The Calyfield clam field was the western-most known vent field on the Galápagos Rift when discovered 89.6°W.  The field hosts a large vesicomyid (Calyptogena magnifica) clam, mussel (Bathymodiolus thermophilus), and endemic sponge community that covers an approximately 60 m x 60 m area.  In 2002, extinct high-temperature sulfide chimneys were discovered several hundred meters northeast of Calyfield.

The Calyfield clam field was the western-most known vent field on the Galápagos Rift when discovered 89.6°W. The field hosts a large vesicomyid (Calyptogena magnifica) clam, mussel (Bathymodiolus thermophilus), and endemic sponge community that covers an approximately 60 m x 60 m area. In 2002, extinct high-temperature sulfide chimneys were discovered several hundred meters northeast of Calyfield. Image courtesy of Tim Shank, Woods Hole Oceanographic Institution, NOAA OE.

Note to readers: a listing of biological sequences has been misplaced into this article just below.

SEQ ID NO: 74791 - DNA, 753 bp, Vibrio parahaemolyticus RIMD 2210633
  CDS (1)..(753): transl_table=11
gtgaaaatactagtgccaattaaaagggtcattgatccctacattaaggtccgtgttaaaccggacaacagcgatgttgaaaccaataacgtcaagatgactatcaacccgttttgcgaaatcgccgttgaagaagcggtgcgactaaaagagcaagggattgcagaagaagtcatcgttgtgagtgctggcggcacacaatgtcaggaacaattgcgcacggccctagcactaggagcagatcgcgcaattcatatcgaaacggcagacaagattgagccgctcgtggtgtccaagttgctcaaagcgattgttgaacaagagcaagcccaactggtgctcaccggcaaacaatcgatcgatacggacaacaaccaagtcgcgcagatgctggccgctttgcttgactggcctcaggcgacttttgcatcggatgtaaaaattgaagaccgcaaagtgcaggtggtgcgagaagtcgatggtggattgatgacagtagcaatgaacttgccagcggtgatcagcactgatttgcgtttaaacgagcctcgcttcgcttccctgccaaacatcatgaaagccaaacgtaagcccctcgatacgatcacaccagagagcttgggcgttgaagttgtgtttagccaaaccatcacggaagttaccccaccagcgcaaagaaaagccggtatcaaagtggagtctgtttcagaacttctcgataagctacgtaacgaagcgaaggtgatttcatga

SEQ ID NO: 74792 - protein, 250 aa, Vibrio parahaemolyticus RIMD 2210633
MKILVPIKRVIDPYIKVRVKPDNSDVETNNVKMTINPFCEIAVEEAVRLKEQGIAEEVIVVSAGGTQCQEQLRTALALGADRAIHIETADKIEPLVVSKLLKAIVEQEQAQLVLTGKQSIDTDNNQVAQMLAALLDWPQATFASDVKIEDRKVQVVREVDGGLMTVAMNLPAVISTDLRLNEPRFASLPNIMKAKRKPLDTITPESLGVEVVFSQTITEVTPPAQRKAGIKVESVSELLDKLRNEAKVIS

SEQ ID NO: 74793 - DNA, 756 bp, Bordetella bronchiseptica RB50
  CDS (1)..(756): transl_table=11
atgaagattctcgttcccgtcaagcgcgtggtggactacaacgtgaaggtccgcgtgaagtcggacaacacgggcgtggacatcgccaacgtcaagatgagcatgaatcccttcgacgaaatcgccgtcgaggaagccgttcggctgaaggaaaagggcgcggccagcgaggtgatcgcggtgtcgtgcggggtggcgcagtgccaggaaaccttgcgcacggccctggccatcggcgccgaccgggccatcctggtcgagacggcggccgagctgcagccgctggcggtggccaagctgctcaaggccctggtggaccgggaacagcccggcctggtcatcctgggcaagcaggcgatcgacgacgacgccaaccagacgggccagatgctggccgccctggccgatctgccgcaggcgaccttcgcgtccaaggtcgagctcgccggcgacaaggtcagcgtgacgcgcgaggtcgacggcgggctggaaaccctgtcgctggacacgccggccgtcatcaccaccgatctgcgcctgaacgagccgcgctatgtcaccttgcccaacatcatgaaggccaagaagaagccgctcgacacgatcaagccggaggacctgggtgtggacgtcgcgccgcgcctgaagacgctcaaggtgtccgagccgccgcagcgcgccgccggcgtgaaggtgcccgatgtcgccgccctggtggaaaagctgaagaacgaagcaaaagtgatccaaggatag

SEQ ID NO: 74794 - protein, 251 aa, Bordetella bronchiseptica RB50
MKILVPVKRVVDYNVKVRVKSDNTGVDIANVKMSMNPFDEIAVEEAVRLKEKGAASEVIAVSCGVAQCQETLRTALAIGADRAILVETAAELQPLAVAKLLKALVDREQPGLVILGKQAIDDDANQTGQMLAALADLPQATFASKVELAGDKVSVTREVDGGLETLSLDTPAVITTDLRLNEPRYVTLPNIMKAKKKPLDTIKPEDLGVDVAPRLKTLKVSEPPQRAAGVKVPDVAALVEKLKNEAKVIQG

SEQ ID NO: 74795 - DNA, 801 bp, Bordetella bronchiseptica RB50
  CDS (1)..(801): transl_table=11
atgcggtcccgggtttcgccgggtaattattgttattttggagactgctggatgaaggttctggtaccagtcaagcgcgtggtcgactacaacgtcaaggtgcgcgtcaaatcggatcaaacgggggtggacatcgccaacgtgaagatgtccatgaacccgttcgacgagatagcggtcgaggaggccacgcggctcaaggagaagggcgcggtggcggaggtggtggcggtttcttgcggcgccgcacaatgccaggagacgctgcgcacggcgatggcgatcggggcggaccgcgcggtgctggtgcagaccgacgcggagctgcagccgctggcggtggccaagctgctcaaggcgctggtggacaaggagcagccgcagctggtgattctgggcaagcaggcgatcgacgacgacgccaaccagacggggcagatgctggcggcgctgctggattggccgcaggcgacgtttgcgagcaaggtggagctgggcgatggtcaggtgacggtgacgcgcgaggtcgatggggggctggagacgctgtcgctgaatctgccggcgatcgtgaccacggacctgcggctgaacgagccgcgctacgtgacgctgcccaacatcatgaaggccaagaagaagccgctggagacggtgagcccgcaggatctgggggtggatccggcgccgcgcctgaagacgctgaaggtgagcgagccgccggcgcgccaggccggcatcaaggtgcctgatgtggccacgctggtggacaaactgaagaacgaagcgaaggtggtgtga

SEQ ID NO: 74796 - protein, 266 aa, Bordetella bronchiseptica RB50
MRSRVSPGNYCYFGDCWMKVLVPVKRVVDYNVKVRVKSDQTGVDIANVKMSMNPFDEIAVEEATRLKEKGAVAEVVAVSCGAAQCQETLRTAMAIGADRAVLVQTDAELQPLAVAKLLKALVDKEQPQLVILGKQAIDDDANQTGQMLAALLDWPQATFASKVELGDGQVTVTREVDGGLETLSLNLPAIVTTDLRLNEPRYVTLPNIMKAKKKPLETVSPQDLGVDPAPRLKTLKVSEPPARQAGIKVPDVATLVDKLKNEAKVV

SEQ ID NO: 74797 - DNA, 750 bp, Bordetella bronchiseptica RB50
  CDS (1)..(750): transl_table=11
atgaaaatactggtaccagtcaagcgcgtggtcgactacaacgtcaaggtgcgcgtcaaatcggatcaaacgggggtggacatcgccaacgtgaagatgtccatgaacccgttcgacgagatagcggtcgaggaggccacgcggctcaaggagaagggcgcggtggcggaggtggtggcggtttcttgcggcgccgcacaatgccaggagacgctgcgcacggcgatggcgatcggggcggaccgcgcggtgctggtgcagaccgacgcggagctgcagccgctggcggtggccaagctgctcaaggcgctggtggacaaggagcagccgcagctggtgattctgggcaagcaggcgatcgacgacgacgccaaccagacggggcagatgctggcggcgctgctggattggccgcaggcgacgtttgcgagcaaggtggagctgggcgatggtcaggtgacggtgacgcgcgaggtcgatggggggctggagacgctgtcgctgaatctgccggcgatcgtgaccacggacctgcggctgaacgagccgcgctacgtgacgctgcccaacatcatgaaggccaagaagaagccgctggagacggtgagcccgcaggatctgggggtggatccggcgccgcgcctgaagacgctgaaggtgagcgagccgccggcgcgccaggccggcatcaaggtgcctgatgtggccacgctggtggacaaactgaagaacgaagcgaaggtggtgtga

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Related Links

Galápagos Rift Expedition 2011: History

Okeanos Explorer: Galápagos Rift Expedition 2011

NOAA ship Okeanos Explorer

NOAA Ocean Explorer Gallery